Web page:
Government urged to limit smart meter rollout costs

The UK Government is being urged to take “swift action” to limit the costs of the smart meter rollout to consumers. Which? has written to Energy Secretary Ed Davey ahead […]

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By Priyanka Shrestha

The UK Government is being urged to take “swift action” to limit the costs of the smart meter rollout to consumers.

Which? has written to Energy Secretary Ed Davey ahead of his speech at the Lib Dem conference today, calling on him to control costs in the long run by exploring three measures.

The consumer body’s suggestions include centralising procurement of meters and providing early guidance on steps that suppliers need to take as “current lack of clear guidance” is causing uncertainty among some energy providers.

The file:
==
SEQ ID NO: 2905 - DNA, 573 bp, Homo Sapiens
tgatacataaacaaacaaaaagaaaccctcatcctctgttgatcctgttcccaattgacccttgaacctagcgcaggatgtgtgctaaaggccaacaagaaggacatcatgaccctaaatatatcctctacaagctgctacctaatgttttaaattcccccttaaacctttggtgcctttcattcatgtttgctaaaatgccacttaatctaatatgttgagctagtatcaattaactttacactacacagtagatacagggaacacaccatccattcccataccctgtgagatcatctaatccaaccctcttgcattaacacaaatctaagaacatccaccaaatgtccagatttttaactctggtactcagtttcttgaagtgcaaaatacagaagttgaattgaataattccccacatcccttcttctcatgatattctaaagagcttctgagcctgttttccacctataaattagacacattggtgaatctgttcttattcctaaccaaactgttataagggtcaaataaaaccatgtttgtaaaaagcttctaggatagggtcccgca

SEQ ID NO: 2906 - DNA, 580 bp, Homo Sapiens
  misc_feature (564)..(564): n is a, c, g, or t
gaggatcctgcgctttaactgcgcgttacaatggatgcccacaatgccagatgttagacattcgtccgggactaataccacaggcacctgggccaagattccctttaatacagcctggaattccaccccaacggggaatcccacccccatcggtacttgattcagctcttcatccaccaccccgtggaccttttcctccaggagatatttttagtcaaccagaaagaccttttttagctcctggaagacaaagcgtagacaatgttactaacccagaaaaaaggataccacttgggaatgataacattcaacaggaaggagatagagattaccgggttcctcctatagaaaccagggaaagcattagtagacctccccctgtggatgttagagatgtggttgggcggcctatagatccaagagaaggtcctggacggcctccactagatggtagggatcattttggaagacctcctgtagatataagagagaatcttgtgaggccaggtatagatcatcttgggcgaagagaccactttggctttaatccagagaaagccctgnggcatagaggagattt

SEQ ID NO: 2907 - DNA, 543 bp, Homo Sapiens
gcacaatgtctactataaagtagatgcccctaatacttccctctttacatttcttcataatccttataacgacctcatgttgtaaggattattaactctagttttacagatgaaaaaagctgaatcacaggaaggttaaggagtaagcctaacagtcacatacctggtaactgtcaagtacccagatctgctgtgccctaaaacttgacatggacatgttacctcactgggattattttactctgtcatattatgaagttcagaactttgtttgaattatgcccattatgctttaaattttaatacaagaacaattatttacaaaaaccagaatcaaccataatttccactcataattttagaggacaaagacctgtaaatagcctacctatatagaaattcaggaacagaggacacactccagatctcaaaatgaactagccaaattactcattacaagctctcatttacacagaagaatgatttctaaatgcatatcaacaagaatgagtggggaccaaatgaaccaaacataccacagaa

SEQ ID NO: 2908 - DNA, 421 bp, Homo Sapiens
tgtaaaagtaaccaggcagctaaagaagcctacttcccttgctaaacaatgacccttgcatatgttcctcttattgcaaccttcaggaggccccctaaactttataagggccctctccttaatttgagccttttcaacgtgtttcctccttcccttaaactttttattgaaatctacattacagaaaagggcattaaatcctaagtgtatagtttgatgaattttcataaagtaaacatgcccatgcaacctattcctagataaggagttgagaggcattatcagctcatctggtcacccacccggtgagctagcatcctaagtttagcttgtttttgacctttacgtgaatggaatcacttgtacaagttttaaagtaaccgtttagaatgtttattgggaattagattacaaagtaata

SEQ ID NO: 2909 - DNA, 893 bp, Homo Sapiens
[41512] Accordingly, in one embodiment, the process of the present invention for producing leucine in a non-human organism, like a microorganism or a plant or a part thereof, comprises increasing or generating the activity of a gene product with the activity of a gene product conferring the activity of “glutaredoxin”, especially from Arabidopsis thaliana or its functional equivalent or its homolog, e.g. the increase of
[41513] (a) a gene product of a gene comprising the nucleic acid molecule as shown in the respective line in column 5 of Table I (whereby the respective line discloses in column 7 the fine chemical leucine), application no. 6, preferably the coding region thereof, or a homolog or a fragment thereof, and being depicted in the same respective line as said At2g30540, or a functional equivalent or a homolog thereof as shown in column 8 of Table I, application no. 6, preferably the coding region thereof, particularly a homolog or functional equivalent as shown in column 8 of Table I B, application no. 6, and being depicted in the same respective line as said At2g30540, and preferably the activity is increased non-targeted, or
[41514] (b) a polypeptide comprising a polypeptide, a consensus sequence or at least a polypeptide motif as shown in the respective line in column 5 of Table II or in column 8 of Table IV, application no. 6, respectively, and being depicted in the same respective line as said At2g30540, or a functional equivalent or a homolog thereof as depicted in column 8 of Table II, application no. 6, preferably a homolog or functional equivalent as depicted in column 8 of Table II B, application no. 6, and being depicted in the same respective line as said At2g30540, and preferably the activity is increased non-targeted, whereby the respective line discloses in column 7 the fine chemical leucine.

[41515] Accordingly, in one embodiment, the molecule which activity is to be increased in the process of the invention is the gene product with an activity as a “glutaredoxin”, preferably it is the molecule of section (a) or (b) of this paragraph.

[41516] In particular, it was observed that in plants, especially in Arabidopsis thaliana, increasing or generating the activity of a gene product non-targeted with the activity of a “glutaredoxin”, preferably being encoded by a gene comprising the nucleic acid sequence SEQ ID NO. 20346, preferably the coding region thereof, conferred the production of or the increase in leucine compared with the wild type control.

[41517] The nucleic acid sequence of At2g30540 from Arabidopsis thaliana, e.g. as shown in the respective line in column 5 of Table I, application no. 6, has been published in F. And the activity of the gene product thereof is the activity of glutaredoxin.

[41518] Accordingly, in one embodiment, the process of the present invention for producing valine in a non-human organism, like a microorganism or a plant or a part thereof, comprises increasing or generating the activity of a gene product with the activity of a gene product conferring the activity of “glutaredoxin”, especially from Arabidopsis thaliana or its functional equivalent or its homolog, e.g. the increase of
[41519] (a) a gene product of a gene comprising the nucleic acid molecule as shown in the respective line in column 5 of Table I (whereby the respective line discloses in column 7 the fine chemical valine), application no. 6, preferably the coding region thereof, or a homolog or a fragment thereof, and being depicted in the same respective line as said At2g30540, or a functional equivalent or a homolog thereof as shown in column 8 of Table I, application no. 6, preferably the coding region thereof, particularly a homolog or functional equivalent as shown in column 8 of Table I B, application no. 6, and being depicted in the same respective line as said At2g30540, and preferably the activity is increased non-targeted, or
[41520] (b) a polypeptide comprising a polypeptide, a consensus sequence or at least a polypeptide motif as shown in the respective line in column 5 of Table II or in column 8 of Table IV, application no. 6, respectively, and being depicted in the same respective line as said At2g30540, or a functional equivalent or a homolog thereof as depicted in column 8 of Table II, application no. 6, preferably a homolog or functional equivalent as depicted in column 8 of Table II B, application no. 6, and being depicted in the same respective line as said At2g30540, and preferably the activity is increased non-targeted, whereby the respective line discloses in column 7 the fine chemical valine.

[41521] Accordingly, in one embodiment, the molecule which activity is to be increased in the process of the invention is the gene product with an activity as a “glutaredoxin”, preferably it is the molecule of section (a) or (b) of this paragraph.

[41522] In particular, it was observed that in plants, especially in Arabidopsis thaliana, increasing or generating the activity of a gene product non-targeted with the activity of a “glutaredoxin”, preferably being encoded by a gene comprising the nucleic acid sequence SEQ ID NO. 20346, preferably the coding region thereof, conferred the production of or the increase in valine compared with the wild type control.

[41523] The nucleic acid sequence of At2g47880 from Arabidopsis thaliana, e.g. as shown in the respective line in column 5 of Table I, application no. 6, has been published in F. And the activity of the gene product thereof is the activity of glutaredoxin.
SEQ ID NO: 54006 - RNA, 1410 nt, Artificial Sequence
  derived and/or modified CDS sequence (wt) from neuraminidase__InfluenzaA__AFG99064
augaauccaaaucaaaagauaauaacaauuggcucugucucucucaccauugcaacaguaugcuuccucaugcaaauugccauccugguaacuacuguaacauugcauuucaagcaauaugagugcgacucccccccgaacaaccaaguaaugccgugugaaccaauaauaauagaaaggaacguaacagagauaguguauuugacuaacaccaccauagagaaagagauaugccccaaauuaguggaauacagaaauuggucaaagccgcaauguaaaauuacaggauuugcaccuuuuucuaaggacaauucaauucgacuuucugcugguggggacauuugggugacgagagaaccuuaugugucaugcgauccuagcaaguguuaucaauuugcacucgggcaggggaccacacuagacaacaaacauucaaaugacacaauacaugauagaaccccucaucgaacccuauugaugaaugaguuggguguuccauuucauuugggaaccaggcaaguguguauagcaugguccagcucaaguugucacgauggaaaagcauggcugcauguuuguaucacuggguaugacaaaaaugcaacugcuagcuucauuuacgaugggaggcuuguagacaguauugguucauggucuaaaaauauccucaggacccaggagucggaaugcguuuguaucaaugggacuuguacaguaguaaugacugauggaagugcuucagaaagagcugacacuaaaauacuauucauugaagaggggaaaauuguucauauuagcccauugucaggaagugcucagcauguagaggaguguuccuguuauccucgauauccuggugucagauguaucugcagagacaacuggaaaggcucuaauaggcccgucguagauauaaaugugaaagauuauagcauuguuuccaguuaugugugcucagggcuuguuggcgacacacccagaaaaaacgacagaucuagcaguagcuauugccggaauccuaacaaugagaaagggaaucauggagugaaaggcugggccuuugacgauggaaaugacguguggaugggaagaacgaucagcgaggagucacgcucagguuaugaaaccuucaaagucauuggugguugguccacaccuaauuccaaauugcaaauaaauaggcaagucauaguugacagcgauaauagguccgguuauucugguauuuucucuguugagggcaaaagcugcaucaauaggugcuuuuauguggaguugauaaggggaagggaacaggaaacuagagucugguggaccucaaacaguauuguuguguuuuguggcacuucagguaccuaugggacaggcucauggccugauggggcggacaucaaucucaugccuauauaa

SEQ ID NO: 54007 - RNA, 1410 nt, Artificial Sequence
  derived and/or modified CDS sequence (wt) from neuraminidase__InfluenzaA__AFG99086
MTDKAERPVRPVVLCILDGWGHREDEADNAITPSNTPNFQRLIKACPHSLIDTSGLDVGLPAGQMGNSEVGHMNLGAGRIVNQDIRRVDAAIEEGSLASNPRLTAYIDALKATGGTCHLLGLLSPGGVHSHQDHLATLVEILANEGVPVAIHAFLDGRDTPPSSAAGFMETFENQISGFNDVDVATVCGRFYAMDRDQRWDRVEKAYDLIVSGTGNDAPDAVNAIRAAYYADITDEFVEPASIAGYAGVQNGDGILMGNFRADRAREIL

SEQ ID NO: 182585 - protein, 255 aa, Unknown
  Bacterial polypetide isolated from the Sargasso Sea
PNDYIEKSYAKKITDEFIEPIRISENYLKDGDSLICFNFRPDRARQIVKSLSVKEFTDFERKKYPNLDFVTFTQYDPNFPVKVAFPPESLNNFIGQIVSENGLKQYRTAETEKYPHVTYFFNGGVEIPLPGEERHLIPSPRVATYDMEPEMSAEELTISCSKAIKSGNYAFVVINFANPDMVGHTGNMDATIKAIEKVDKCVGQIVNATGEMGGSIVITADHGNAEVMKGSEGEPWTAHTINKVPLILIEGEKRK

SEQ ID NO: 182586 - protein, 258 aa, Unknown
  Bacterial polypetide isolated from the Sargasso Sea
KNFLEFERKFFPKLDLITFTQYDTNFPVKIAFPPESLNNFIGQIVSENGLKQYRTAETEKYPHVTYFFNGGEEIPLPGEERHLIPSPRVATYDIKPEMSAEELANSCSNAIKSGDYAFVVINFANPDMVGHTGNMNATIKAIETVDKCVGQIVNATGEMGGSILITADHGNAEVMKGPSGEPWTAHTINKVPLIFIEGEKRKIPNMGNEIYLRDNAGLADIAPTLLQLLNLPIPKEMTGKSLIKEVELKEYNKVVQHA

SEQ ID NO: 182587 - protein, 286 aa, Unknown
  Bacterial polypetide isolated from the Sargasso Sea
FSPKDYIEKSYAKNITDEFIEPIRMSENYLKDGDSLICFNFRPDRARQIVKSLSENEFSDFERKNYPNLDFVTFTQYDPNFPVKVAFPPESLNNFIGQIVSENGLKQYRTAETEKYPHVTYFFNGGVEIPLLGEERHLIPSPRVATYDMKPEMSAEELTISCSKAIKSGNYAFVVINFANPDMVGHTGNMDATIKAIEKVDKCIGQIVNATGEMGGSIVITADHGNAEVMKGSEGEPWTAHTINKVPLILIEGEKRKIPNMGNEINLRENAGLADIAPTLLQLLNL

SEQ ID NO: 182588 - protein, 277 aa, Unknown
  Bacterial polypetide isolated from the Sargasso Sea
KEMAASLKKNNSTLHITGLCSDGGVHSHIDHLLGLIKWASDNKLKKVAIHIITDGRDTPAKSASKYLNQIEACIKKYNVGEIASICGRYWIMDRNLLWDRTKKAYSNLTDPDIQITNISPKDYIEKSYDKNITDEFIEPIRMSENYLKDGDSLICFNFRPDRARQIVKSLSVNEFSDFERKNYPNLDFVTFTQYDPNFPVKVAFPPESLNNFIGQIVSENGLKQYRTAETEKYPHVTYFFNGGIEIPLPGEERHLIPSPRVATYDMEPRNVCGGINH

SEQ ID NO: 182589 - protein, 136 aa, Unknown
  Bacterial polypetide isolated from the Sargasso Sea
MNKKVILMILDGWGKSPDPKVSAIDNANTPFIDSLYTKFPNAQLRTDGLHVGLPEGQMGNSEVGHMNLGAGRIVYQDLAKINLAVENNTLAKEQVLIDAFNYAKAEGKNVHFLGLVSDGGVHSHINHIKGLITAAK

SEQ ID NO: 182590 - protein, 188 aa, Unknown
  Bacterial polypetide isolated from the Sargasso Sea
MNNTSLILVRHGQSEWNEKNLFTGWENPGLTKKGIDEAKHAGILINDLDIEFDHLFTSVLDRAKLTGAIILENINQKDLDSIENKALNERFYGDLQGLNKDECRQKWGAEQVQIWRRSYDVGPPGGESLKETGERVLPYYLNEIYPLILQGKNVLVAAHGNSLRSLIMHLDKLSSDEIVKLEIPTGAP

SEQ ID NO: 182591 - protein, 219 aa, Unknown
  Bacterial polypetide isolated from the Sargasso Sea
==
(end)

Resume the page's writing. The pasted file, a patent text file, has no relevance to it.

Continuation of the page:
It is also calling on DECC to co-ordinate a “more efficient approach” to the purchase and installation in multi-occupancy buildings such as flats and high rises as “there could be installation visits from multiple suppliers or incompatible equipment installed which means an unnecessary duplication of equipment, effort and cost”.

The Government’s smart meter rollout requires energy suppliers to replace 53 million meters in homes and small businesses with smart electricity and gas meters by 2020.

The call follows the Public Accounts Committee’s (PAC) warning that energy customers will have to fork out £215 for the installation of smart meters that will only save them around 2% on their annual bill.

Richard Lloyd, Which? Executive Director said: “Without immediate action the cost of the smart meter roll-out is in danger of spiralling out of control, while consumers foot the bill.

“Major reforms are needed to fix the Big Six and restore trust in this broken market. At a time when energy bills continue to squeeze household budgets, the Government must urgently explore ways to ensure consumers get value for money from the smart meter roll-out.”